From poverty eradication to the rational use of natural resources, the 2030 Agenda encompasses and details every aspect of human life, making it a universal/global benchmark. In this broad but detailed context, the 2030 Agenda addresses one of the most important issues facing the world today: reducing inequality within and between countries. It is certainly an issue that the literature addresses in various forms, as it is an extremely difficult and complex goal with seven specific targets agreed upon by the 193 UN member states. SDG 10, therefore, is the most interesting and wide-ranging global target, addressing a wide range of inequality issues [6][7][8].
Global and regional inequalities still affect people in the poorest countries, but the richest countries are not excluded from this situation. This is justified by the fact that inequalities between groups within the same society persist alongside inequalities between nations/countries. This is the reason for the understanding that inequalities are largely unjust and derive in large part from differences between societies and nations.
At the global level, the most plausible solution to reduce the phenomenon of inequality has focused on the implementation of global governance mechanisms that have been and continue to be contested because they cannot include aspects of understanding how each country has evolved historically as well as the position of each country in the global economic system [9][10].
Reducing existing inequalities must therefore become a priority objective of both national and international policy agendas, even if piecemeal approaches based on one-off initiatives aimed mainly at “helping the poor” may be successful. On the other hand, reducing inequality requires national policies for economic diversification, appropriate fiscal, monetary and financial strategies and social policies that target disadvantaged social groups, but which must also incorporate respect for nature as an essential principle of world sustainability in the medium and long term [11].
In this regard, recent studies [12] carried out at OECD and non-OECD levels, from the point of view of inequality and economic prosperity included health indicators by gender groups (men, women) such as life expectancy, causes of mortality and avoidable mortality, showed that significant gender differences in health showed a positive outcome for women. Relationships between gender inequalities in health and economic prosperity were also identified. Therefore, policies should focus on reducing income inequalities by gender but also in terms of avoidable mortality, such as reducing common diseases among young people.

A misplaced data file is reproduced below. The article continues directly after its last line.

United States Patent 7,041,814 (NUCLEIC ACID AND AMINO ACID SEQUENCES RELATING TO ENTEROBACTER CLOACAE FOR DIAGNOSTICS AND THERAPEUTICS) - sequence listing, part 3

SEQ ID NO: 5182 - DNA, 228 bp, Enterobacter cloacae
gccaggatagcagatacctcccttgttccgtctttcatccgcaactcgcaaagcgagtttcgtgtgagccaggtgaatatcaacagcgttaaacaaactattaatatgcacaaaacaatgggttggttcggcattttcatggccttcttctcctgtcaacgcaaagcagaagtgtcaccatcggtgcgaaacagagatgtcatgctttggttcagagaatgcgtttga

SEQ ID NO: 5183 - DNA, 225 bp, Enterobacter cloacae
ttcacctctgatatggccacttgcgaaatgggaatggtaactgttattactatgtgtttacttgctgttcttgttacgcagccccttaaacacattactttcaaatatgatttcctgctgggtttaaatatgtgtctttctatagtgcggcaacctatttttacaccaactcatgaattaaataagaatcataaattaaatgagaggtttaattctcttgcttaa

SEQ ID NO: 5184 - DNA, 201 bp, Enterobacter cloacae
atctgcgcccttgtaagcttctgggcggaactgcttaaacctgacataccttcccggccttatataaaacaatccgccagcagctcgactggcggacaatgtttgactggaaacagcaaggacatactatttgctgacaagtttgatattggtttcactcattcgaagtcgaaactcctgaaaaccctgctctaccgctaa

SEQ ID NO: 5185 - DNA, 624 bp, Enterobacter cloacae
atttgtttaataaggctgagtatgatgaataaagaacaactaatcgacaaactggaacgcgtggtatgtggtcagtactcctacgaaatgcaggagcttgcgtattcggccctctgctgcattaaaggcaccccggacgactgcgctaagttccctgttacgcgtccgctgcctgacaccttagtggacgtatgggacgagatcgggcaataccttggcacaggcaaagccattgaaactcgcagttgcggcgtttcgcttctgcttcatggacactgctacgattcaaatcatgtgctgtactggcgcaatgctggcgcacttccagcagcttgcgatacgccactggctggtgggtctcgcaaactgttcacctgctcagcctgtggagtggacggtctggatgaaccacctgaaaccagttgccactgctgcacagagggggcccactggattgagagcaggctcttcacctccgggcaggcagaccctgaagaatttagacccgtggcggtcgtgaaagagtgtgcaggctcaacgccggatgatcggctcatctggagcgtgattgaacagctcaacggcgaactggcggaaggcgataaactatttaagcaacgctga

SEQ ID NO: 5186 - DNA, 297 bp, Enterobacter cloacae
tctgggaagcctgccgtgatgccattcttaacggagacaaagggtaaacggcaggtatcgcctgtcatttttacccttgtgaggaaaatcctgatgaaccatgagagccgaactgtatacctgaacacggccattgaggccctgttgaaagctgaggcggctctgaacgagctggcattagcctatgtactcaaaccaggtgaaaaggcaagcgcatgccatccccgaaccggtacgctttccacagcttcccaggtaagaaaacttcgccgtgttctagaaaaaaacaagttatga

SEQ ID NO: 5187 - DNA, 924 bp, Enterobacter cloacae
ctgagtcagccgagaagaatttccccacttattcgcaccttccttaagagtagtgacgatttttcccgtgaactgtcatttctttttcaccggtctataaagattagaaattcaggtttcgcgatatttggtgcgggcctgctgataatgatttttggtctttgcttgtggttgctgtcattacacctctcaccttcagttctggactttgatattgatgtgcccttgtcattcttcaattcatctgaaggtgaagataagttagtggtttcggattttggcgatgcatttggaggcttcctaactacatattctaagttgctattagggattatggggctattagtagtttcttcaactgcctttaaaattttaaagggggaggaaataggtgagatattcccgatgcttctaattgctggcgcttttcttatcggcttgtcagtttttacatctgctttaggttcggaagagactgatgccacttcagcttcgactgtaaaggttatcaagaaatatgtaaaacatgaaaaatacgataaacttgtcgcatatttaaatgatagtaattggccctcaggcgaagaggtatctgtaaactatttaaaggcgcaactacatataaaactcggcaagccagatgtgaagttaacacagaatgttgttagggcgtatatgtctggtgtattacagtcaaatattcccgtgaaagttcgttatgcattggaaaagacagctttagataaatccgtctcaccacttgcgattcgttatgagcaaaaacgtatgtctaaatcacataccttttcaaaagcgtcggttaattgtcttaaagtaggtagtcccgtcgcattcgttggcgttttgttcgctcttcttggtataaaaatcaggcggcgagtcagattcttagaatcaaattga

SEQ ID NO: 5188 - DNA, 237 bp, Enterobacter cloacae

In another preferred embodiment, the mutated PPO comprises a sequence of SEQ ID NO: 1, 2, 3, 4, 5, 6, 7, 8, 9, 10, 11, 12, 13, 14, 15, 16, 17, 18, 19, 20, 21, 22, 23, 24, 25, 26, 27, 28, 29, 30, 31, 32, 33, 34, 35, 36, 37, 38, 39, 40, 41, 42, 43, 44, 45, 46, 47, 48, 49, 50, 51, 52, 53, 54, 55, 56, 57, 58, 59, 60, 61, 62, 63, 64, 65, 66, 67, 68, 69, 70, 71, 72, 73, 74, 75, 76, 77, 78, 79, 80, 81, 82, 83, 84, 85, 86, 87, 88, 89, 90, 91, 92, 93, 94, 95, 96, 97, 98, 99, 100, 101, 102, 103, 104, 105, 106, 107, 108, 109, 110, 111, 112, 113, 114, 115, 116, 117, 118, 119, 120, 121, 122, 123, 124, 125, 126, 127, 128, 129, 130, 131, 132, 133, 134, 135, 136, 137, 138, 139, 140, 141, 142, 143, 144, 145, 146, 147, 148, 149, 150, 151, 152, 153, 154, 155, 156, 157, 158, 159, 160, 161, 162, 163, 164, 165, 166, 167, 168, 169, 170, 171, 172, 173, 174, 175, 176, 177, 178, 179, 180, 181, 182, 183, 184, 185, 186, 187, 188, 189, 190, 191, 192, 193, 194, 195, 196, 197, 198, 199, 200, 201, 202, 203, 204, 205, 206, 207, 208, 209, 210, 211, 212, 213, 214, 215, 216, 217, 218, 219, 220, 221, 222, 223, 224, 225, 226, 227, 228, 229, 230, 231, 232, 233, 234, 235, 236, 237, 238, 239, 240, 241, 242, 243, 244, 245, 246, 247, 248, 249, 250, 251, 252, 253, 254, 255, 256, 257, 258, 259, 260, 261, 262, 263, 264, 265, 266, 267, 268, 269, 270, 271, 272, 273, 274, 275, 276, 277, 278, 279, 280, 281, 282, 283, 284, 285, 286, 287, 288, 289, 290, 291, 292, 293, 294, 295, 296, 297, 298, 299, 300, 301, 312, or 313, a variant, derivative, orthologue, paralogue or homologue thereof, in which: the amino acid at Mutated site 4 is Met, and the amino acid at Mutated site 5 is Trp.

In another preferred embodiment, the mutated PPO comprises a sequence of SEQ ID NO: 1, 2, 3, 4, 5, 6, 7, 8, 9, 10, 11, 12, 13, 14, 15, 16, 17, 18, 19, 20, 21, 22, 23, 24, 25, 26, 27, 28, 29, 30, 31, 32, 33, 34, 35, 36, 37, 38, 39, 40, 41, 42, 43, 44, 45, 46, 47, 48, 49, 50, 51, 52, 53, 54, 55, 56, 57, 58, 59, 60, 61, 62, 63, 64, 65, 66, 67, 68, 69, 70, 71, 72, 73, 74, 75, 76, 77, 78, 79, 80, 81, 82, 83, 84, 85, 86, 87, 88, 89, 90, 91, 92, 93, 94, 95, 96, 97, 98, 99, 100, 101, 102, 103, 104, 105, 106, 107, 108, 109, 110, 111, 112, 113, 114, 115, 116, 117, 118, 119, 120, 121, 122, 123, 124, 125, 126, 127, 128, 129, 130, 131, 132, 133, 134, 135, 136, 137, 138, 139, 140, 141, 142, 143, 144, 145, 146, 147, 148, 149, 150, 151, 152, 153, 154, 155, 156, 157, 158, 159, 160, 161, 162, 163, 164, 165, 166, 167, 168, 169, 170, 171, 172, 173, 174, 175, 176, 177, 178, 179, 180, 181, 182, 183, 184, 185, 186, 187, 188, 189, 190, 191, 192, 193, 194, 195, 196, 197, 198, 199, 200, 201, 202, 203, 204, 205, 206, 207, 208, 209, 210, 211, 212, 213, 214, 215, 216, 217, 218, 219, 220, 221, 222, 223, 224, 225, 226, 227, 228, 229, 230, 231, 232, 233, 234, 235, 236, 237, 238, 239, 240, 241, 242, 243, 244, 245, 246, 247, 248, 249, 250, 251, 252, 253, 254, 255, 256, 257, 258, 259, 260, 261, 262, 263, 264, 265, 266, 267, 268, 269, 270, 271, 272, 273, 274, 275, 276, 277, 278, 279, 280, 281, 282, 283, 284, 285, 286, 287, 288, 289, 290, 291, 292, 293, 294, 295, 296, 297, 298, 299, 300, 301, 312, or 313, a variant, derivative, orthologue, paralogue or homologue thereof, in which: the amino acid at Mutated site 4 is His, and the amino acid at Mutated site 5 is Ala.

However, inequalities in income and wealth are increasingly evident and are even widening. This is reflected in the fact that the top 1% of the world’s population now controls up to 40% of global assets, while the poorest half of the population owns just 1% [13]. Disparities are also wide within countries, including disparities in rural/urban areas, gender disparities, ethnic minorities, migrant status and disability [14][15].
The SDGs, while including a number of explicit and implicit solutions that address inequality, are often vaguely formulated, the targets are abstract, and the issue of inequality remains a central one, requiring fundamental reform of sustainable development thinking for 2030 and beyond. Moreover, the construction of poverty eradication and development within each individual state must include values and problem-solving frameworks based on the responsiveness of all bodies involved in achieving the SDGs [16][17].
In this context, SDG 10 promotes the idea of a society in which every person enjoys the benefits of economic growth, which may be evident in some countries, particularly those that have experienced rapid growth, but often even in these situations economic growth can contribute to growing income inequality, inequality of access to opportunities by gender, religion, caste and region. Improving the social security system, introducing and expanding social insurance schemes and establishing special funds for lagging regions can therefore be solutions to key problems of inequality [18][19].
Although “reducing inequalities within and between countries” is a goal in itself, which stimulates the global community to international cooperation, the current state of the planet shows that this goal is extremely difficult and complex to achieve. SDG 10, has a series of targets that address a wide range of inequality issues, including: achieving and sustaining income growth for the top 40% of the population at a rate above the national average, promoting the social, economic and political inclusion of all, regardless of age, gender, disability, race, ethnicity, origin, religion or economic or other status; ensuring equal opportunities and reducing inequality of outcomes, including by eliminating discriminatory laws, policies and practices and promoting appropriate legislation, policies and actions to this end; adopting policies, in particular tax, wage and social protection policies and progressively achieving greater equality; improving the regulation and monitoring of global financial markets and institutions and strengthening the implementation of these regulations, ensuring greater representation of developing countries in decision-making in global international economic and financial institutions, facilitating orderly, safe, regular and responsible migration and mobility of people, including through the implementation of planned and well-managed migration policies, implementing the principle of special and differential treatment for developing countries, in particular the least developed countries, encouraging financial flows, including foreign direct investment, to countries where the need is greatest [20][21][22].